But his wavering control, par-
ticularly in the early innings,
helped create his downfall.
Gus Bell, Redleg center fielder
was the hitting hero of the Cin-
cinnati victory. His first single
contributed to Cincinnati's first
run and his second one-base blow
drove in the deciding tally.
* *. *
White Sox 9, Tigers 3
DETROIT-The Detroit Tigers
failed for the 12th straight time
on their home grounds, commit-
ting four errors to let in seven un-
earned runs in a 9-3 loss to the
Chicago White Sox.
The Tigers have not won a game
in Briggs Stadium since June 15.
The White Sox came from. a
two-run deficit to score three
times in the seventh inning on
just one hit. They scored five more
in the eighth to wrap up their
victory.
- * *
Giants 5, Dodgers 2
BROOKLYN-Willie Mays and
Bill Sarni banged back-to-back
homey runs in the third inning to
trigger a 5-2 victory by the New
York Giants over the third-place
Brooklyn Dodgers.
The Brooks played the last two
innings with first baseman-out-
fielder Gil Hodges doing their
catching. He took over behind the
plate for the first time since 1948
when Rube Walker was lifted for
a pinch runner and Roy Campa-
nella was tossed out of the game
for protesting a call third strike
in a pinch hit role.
Cubs 6, Cards 3
CHICAGO-The Chicago Cubs
dug out of the National League
cellar by defeating St. Louis, 6-3,
yesterday as Warren Hacker duck-

NEW HIGH-Charlie Dumas of Compton (Calif.) College breaks
the magic seven-foot high jump barrier with a leap of 7'1" in the
Olympic track and field trials at Los Angeles last weekend.
Dumas' was only one of three world records set at the trials
which produced the United States' representatives for the fall's
Olympics in Australia. Lou Jones of the Army set a 400 meter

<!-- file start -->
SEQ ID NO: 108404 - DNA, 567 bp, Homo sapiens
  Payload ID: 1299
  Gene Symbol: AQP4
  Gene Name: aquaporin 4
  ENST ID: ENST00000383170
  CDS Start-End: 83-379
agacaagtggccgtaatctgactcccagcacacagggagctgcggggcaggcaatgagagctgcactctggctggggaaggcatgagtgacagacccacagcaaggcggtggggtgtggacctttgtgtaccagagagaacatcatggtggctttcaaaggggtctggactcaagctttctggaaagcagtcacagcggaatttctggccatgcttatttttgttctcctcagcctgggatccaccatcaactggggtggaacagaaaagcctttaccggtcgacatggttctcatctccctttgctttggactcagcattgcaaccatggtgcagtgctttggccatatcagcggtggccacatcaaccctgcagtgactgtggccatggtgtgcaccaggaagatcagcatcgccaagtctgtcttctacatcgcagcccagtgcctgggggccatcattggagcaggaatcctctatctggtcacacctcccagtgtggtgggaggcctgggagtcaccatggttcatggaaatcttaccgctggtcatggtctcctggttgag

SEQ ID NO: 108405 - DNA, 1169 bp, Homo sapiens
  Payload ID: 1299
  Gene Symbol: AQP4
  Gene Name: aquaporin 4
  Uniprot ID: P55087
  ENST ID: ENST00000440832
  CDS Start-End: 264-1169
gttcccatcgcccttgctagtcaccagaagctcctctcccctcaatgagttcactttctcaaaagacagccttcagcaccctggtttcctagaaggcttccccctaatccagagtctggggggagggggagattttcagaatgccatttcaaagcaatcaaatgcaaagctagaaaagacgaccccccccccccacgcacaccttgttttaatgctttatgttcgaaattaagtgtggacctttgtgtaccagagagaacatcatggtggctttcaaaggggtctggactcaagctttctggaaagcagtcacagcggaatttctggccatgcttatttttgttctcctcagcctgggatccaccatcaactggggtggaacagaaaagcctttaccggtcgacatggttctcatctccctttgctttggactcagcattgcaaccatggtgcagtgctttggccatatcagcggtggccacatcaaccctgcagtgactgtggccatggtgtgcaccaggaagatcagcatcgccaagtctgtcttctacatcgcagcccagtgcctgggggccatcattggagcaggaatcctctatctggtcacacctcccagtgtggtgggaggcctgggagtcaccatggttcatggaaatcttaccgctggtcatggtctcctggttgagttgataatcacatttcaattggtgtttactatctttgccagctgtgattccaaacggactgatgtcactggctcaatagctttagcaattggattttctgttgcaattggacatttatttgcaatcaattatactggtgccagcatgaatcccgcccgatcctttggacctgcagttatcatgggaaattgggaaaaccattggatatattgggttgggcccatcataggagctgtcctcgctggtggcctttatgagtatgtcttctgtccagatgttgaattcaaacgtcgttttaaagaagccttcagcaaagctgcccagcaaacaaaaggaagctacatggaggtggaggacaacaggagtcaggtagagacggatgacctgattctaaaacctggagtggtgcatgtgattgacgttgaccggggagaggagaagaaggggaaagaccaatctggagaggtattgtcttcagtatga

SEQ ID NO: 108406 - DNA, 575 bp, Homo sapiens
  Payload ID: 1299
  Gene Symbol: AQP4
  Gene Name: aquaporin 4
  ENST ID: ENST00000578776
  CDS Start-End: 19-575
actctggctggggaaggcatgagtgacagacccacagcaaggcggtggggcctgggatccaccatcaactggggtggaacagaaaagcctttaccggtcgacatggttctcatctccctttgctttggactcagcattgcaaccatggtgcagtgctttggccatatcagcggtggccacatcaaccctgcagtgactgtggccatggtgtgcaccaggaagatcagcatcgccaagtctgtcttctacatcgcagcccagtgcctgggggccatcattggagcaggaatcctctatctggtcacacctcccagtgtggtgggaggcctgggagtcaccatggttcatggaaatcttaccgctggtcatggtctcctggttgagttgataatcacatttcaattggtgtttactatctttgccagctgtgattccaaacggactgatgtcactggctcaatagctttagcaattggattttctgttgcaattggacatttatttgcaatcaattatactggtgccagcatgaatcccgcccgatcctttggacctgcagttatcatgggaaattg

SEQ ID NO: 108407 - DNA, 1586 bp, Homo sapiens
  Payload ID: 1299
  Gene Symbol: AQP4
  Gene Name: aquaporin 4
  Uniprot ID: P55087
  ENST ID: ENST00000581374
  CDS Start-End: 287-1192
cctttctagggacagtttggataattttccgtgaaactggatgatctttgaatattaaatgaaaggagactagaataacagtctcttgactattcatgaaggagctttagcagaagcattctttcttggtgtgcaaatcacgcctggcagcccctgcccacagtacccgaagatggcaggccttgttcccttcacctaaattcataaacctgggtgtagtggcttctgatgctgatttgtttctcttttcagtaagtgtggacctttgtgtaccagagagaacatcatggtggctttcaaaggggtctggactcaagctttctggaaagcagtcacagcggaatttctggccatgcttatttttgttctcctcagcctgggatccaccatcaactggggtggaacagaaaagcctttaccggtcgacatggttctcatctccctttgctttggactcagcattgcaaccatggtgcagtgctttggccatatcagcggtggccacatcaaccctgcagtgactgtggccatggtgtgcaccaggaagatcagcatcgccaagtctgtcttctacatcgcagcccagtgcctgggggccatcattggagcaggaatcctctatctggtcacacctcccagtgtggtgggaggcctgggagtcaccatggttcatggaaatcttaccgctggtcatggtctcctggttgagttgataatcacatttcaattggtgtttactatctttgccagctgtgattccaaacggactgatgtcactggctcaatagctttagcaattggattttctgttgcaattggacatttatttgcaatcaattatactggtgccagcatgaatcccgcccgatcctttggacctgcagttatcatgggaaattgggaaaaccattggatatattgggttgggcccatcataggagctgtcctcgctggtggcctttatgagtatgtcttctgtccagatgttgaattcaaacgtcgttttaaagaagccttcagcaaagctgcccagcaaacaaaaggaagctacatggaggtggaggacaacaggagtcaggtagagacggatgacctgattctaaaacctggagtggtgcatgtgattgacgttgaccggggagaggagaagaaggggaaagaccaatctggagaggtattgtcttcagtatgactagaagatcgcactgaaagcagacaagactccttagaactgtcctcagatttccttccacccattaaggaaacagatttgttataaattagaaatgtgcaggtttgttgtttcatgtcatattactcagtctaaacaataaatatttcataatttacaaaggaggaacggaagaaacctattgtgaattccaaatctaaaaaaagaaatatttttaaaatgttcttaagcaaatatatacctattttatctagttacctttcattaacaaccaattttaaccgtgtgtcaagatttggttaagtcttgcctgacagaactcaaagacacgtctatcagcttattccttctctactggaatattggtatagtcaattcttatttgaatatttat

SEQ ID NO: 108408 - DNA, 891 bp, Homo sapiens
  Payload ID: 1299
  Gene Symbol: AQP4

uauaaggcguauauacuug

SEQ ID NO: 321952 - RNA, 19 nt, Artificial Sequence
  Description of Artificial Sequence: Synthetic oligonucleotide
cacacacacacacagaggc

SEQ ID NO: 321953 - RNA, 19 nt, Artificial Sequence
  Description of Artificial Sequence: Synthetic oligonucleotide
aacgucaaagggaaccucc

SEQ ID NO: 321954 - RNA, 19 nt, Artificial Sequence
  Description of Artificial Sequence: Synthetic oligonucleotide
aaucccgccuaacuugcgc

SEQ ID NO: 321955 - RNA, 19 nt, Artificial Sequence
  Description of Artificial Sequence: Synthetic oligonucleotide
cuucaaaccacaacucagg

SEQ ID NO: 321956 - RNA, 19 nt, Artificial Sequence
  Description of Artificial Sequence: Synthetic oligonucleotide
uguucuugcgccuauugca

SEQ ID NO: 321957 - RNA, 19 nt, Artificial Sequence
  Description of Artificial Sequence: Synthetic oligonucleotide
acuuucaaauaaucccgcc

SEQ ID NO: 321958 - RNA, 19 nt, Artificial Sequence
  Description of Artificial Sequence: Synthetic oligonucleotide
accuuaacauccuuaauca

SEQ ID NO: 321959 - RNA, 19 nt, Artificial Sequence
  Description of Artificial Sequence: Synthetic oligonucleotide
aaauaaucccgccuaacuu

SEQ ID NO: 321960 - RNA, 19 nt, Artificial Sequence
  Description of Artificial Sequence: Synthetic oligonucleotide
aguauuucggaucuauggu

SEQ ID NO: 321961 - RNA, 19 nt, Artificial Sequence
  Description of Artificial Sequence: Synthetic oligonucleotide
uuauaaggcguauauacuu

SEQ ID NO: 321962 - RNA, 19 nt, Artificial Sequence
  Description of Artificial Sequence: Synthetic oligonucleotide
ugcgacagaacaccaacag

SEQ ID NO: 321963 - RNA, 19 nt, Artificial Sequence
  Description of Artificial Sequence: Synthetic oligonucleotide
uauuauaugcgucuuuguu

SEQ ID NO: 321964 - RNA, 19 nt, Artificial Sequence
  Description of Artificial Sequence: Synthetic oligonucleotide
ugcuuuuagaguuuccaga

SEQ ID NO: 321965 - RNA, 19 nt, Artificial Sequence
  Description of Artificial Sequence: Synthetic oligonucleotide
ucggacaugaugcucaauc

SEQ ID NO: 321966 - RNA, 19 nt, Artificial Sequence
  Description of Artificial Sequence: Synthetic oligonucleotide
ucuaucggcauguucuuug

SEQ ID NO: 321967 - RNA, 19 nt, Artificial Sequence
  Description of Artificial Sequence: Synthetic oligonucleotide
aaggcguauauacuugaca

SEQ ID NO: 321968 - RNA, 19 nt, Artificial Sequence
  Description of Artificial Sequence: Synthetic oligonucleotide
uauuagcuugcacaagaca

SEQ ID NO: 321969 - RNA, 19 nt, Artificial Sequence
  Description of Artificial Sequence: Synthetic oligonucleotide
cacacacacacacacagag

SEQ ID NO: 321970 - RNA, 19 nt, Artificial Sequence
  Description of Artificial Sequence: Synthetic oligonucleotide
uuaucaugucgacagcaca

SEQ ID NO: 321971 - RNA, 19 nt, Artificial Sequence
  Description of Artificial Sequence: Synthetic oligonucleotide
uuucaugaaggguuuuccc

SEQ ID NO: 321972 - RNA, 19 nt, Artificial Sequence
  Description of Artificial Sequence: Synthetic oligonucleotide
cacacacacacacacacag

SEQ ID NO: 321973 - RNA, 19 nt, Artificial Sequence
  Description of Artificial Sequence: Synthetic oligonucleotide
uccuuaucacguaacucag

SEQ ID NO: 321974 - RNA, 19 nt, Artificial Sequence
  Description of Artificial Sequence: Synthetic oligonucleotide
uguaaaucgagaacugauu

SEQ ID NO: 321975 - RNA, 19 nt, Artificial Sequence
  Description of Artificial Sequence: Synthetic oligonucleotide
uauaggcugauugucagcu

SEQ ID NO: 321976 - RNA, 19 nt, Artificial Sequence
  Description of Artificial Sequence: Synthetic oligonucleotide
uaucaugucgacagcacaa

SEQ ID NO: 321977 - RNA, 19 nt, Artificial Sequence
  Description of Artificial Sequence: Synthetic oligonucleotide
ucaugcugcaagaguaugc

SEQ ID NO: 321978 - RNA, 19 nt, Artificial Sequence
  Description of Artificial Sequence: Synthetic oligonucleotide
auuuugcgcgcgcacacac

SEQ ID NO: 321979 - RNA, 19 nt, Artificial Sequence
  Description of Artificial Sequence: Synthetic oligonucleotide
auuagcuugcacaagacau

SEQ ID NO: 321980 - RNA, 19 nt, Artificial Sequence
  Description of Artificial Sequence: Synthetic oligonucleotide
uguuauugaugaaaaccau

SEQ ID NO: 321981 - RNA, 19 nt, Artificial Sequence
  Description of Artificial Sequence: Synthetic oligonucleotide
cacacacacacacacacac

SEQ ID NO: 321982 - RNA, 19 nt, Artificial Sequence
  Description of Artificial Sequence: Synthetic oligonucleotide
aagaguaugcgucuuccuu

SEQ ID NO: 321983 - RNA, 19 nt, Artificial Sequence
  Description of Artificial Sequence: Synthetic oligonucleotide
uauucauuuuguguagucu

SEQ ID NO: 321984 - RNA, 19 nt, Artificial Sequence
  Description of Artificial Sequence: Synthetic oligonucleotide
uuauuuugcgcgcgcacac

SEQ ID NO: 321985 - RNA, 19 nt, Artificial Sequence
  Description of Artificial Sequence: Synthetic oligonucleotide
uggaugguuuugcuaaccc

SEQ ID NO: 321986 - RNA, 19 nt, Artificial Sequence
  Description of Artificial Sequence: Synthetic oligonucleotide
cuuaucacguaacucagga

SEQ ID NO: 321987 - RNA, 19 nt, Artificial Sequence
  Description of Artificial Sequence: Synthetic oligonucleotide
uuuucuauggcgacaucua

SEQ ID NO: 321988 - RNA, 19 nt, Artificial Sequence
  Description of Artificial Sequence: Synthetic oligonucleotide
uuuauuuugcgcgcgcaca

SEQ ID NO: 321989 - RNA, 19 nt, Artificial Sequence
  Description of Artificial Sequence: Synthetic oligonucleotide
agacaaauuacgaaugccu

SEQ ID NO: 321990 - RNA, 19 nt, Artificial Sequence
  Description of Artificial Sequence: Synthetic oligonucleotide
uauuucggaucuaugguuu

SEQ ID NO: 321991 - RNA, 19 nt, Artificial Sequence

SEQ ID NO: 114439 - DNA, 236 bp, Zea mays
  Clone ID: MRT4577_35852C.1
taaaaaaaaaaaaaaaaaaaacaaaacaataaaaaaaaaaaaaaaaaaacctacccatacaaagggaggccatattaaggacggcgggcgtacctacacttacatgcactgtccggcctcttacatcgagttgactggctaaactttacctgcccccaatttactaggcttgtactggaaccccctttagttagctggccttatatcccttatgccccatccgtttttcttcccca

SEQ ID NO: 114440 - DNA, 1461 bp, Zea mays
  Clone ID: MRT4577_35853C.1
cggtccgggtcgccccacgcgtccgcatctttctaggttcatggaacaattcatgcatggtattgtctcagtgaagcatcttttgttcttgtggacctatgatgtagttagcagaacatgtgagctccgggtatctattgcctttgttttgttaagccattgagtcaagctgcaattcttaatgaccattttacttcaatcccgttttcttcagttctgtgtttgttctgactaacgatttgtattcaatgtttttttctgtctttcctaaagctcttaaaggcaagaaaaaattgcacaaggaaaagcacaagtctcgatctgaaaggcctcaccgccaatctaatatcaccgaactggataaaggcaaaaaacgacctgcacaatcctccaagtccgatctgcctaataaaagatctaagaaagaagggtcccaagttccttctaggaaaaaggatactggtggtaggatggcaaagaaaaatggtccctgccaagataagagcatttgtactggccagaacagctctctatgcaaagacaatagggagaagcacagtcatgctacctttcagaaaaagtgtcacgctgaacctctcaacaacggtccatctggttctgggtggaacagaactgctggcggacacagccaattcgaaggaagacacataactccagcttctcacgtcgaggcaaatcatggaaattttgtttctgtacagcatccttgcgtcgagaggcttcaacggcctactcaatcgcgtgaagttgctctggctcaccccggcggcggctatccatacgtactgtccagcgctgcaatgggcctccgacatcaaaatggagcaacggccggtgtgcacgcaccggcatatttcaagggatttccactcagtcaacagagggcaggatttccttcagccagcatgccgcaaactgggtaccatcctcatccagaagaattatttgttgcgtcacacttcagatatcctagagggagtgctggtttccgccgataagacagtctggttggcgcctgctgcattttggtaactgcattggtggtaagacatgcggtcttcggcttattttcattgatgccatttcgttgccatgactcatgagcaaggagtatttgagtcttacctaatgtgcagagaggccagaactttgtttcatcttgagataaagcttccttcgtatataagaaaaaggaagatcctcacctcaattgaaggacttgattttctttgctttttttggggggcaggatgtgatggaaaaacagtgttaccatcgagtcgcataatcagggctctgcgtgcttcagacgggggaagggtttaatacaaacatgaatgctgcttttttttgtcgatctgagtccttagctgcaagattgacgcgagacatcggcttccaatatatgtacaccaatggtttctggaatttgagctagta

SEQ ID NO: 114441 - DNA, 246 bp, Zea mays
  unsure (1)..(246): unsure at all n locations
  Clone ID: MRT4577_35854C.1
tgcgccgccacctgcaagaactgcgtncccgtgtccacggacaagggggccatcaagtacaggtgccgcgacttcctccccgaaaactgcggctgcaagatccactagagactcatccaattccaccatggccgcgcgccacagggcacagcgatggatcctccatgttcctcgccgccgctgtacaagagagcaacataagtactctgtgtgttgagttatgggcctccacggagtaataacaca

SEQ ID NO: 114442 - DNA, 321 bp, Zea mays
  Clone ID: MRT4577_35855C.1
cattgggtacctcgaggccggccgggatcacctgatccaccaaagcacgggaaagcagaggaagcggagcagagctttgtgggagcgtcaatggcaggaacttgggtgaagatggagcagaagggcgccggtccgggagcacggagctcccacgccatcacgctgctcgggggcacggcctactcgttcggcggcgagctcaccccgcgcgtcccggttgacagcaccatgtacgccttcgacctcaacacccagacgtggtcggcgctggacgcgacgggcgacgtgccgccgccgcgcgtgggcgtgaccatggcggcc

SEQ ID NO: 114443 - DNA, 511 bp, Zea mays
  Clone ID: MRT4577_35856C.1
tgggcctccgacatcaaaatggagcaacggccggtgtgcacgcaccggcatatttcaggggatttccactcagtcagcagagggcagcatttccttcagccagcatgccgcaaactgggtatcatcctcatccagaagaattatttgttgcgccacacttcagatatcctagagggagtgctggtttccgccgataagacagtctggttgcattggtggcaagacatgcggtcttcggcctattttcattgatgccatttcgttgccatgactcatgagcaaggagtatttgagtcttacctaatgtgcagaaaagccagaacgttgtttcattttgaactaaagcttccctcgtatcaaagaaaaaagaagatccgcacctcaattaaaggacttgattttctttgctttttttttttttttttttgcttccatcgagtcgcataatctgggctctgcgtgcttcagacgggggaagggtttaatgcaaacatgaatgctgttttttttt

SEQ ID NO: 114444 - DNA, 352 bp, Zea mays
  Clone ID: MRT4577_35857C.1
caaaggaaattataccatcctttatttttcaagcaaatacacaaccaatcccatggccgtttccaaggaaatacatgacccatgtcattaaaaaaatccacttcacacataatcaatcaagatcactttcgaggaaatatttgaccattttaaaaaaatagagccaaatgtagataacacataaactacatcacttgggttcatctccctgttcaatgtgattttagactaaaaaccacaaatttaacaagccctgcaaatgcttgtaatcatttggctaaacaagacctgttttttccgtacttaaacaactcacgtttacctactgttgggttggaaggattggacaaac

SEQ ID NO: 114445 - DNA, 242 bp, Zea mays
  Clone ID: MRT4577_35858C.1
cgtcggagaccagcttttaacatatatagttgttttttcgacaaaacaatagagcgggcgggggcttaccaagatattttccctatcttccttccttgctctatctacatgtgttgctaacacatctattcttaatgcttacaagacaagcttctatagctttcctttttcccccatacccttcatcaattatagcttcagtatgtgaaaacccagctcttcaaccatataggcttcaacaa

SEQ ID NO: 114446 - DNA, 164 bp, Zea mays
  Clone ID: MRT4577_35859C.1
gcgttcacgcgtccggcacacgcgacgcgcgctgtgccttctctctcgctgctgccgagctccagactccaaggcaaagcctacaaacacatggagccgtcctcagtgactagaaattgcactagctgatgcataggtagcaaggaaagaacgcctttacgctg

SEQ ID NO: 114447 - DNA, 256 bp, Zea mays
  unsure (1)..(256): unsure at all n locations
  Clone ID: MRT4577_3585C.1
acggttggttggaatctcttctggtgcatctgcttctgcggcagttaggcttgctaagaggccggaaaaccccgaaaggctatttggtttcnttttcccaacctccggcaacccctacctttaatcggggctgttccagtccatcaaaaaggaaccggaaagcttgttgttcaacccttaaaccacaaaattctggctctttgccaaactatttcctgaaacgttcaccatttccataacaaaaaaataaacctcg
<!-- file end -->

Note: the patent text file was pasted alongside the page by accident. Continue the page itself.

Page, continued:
dash mark in 45.2 seconds and Ohio State's Glenn Davis was
record-timed at 49.5 in the 400 meter hurdles.
Sport Shorts

I-M Softball
Teams Play
First Games
Intramural softball had its sum-
mer debut last night with a flurry
of hard-hitting and occasionally
good pitching highlighting the ac-
tion on South Ferry Field.
Of the 22 teams in four I-M
leagues, twelve clubs representing
two leagues were scheduled last
night.
Bill Plasman turned in the top
hurling performance .of the open-
ing night by limiting Mathematics
to just two hits as the Hornets
trounced the Math team, 10-2.
Plasman also struck out seven
batters.
Plasan's job was nearly equal-
led by BDA's Cilff Purcell as he
defeated Alpha Chi Sigma, 8-4.
The losers' four runs came on only
five hits as Purcell became the
I-M leagues' leading strikeout
artist with 10 in his initial start.
A good defense was instrumental
in Hospital's victory over Phar-
macology. The Hospital team held
Pharmacy to one of the night's
lowest scores in winning, 7-3.
In a free-slugging affair, Med
Sox showed that they'll be one of
the hitting powers of the summer
competition. The Sox edged an
almost equally strong-hitting nine
from Bacteriology, 10-9.